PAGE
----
After the explosive first and second Starship test flights, the company immediately tried to cast these mishaps as successes.

The nearly hour-long third test flight, conducted in March, reached several milestones before breaking up upon return, rather than crashing into the Indian Ocean.

First, Starship reached speeds close to what would be needed to launch the vehicle into orbit. Normally such a feat requires speeds in excess of 17,500 miles per hour (28,000 kilometers per hour). The spacecraft achieved its orbital speed target and did not intend to enter orbit on the third flight.

The spaceship’s payload door – a hatch that must open to allow the spacecraft to deploy satellites into orbit after reaching orbit – swung open before being closed again in a crucial test of that mechanism.

SpaceX also performed a “propellant transfer demonstration,” which involved moving some of the propellant on board the Starship vehicle from one tank to another. SpaceX engineers designed the demo to test how Starship will be refueled on future missions while in orbit.

But after a bright halo of red plasma, created by extreme heat and pressure as the spacecraft reentered Earth’s atmosphere, glowed around the vehicle, the team lost communication with the spacecraft.

However, SpaceX never planned to retrieve Starship after this test flight.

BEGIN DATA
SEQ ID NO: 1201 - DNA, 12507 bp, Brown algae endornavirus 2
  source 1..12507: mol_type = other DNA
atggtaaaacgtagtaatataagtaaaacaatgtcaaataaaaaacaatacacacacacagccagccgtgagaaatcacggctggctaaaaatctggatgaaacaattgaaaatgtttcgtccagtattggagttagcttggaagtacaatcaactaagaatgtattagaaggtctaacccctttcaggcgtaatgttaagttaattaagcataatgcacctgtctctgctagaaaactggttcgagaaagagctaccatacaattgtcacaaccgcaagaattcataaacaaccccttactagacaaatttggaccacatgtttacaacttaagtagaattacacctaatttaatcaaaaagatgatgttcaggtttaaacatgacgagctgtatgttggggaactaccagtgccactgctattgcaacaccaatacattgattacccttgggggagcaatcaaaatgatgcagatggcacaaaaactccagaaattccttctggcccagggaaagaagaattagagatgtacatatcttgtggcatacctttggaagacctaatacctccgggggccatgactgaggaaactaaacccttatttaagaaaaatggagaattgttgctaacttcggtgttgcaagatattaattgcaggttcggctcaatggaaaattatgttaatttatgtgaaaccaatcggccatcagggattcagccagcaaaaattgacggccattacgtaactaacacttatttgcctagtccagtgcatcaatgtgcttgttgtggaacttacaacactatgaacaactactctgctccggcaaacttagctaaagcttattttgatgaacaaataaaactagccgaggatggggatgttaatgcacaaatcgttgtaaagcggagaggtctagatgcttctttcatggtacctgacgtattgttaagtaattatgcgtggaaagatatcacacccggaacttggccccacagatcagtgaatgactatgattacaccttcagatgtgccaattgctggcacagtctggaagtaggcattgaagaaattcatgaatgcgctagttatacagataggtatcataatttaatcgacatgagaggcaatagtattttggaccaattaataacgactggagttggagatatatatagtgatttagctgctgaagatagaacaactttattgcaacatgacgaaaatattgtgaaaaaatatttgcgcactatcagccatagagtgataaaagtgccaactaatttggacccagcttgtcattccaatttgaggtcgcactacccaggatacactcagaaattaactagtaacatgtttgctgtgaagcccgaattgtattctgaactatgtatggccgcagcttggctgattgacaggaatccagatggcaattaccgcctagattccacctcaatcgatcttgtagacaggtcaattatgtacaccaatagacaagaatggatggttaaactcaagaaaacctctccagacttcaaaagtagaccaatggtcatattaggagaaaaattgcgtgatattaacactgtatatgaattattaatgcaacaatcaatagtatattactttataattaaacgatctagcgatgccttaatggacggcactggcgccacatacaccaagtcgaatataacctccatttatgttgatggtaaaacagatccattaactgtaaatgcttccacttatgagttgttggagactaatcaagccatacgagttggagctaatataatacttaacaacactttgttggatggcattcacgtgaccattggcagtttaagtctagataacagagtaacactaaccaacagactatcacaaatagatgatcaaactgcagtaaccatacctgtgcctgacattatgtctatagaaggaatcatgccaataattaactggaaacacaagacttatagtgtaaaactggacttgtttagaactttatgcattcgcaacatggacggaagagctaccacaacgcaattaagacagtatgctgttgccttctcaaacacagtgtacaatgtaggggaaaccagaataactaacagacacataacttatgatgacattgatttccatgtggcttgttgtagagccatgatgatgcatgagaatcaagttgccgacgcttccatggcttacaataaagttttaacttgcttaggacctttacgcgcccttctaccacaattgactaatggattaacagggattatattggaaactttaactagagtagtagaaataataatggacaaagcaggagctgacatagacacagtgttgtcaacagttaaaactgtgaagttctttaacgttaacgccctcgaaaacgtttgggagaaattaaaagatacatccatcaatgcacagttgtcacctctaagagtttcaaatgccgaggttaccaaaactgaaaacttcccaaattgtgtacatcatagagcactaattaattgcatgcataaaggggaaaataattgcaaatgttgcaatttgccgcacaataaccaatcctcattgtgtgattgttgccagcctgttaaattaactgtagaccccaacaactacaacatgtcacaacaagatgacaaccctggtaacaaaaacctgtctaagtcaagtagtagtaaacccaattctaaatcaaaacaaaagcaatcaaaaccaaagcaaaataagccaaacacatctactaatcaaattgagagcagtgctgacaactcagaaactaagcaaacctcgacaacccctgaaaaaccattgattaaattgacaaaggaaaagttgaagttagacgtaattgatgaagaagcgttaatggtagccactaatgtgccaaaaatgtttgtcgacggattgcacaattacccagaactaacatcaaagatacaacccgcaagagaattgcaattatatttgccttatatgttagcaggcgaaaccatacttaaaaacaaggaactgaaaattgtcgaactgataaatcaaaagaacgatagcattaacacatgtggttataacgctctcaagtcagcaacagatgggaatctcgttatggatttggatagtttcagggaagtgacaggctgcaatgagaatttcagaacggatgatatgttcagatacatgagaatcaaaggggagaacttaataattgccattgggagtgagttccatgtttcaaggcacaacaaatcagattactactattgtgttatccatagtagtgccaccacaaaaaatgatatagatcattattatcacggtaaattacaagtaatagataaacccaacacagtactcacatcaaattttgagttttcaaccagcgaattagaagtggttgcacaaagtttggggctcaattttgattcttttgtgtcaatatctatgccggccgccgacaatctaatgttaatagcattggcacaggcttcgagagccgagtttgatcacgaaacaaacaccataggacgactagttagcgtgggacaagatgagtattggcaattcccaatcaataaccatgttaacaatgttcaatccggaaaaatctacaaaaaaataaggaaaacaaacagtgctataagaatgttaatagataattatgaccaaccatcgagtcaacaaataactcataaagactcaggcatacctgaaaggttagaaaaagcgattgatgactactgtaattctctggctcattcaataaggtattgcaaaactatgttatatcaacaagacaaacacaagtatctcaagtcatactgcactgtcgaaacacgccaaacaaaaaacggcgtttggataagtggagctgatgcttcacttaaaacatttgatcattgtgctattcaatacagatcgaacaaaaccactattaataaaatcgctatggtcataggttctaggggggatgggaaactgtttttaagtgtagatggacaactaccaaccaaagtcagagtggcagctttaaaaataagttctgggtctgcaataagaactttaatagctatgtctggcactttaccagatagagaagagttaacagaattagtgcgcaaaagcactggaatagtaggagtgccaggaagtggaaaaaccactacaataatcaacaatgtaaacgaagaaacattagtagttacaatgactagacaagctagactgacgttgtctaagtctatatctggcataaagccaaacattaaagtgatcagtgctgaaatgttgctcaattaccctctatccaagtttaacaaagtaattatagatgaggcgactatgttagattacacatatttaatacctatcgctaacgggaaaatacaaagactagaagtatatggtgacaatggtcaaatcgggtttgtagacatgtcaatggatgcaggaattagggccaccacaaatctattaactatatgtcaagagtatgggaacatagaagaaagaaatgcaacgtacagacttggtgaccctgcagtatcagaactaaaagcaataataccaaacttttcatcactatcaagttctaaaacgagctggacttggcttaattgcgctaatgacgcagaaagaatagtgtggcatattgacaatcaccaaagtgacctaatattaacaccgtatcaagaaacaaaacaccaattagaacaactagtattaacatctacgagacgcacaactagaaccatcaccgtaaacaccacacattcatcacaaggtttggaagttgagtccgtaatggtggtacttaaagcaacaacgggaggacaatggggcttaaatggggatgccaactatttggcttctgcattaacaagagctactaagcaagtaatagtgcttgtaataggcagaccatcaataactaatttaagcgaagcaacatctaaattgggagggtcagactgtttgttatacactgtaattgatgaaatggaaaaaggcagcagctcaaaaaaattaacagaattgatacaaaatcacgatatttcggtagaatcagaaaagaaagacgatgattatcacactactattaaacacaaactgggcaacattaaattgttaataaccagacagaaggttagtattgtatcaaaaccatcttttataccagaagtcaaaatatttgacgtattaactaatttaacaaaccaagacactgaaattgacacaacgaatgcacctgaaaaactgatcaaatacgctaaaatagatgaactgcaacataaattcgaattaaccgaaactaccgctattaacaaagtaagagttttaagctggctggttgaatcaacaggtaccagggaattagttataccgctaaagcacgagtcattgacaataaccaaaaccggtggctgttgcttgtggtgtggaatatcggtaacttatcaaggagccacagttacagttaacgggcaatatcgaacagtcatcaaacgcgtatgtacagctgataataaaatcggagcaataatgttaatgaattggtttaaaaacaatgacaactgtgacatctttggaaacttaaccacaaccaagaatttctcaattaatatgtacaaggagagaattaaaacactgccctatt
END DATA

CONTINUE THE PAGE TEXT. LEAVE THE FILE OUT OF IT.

The Super Heavy booster was also expected to make an autonomous, controlled landing in the ocean, but the booster was lost after all its engines failed to turn on.

But both the Starship spacecraft and booster made it further into flight than the two previous tests in 2023.

Starship’s massive goals

Much depends on Starship’s ultimate success. SpaceX CEO Elon Musk has repeatedly characterized the rocket as central to the company’s founding mission: putting humans on Mars for the first time.

NASA has selected the Starship spacecraft for a key role in its Artemis program to return humans to the moon for the first time in more than five decades. Under the federal space agency’s current roadmap, Starship would complete the final leg of a crewed mission to the moon, picking up astronauts from a spacecraft in lunar orbit and returning them to the surface. The United States is in a race with China, vying to be the first to develop a permanent lunar outpost and set a precedent for deep space settlements.

Milestones such as propellant transfer from the third test flight targets for the future. Replenishing the spacecraft’s fuel will be critical for Starship’s high-profile missions down the road.

When Starship under Artemis makes a trip to the moon, it will have to sit in orbit close to Earth while SpaceX launches separate support vehicles that will transport fuel to the spacecraft. To reach the moon, SpaceX may need to make more than a dozen refueling stops.

The first astronaut landing under the Artemis program is expected to take place as early as September 2026.